Sunday, October 20, 2013

Goldie - The wearble muslin

Do you often make muslin's when your sewing? or Toile's or Calico's?

They're all the same thing but named differently depending on where you live. In Australia, we apparently call them calico's  but considering the majority of my sewing education comes from books, YouTube and blogs, I've ended up calling any garment that is a practice garment a Muslin 

Normally I make my muslin's out of left over fabric, old sheets or fabric from the op-shop. I rarely buy actual calico from the store because its actually quite expensive! Its cheaper to buy home spun plain cotton. Go figure. 

Wearable muslin's however are another deal. Sometimes I make up a garment without any adjustments or edge finishes as they're intended to be a test, but they end up being wearable. And other times I make things with the intention of wearing them out, but they end up not really being the best. This is one of those kinds of projects. (kinda)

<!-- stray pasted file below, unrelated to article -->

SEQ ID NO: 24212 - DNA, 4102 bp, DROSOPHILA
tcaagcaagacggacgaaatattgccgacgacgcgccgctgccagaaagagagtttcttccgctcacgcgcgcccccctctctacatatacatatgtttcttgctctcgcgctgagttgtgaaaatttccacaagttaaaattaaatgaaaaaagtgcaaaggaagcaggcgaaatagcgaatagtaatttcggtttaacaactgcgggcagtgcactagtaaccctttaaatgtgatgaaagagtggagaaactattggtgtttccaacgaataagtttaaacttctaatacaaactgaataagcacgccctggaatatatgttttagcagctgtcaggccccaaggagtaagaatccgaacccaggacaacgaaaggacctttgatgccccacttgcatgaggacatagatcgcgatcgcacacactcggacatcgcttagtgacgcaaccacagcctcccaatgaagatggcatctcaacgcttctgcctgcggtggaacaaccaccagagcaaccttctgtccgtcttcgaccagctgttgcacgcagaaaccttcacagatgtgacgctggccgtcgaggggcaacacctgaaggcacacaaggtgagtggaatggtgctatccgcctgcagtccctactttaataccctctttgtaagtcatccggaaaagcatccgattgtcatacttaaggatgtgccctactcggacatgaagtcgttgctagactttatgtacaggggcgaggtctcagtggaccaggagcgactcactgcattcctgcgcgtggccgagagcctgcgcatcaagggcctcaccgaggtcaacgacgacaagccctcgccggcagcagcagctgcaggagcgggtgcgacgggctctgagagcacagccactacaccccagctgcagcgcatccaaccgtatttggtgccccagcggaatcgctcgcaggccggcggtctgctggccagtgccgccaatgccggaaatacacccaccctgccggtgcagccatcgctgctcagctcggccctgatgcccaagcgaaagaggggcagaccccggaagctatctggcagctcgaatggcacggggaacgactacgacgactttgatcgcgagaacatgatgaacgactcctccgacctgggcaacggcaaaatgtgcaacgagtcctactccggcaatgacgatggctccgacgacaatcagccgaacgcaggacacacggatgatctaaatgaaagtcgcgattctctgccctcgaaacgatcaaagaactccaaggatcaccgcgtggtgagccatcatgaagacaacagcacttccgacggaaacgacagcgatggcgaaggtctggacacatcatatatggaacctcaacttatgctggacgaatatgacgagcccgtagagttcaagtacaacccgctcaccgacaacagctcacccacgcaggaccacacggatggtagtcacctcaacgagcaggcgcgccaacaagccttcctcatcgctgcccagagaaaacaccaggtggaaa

Looks ok doesn't it? Well as nice as it looks in photos, this fabric isn't that great. I used a Gold knit Lurex which I bought from Lincraft

As its a knit, it needs hanging time and the lightness of it means it clings in a rather unflattering way even while wearing a slip. Most of the night I kept adjusting myself because the top part of the dress felt like it was sagging down around my chest and belly. Not cool

Butterick 4712

The pattern itself is really nice, it comes with scallops built into the paper pattern so you don't have to calculate the scallop width to the dress fabric width. It's quick and easy and I plan to use it again 


So why did I buy this fabric if its so terrible? Well I had intended for this dress to be my holiday season dress. There's lots of birthdays and vendor parties for work around this time every year so to have a dress that's comfortable and shiny makes it easier to get dressed for these events. 

The fabric being a knit also meant that I could cut the scalloped edge and not finish it as it doesn't fray. And the metallic gold seemed appropriate for parties. 


Scallops! 

Its also quite hard to work with (see the Slippery fabrics post). I used quite a bit of baking paper to sew this and even then its still not that great. It bunches on the sides and at the back near the zipper



The bunching at the back - not fun



Around the darts you can see the naughty bunching!!



The collar worked out really well - a sweet Peter Pan collar which I self-drafted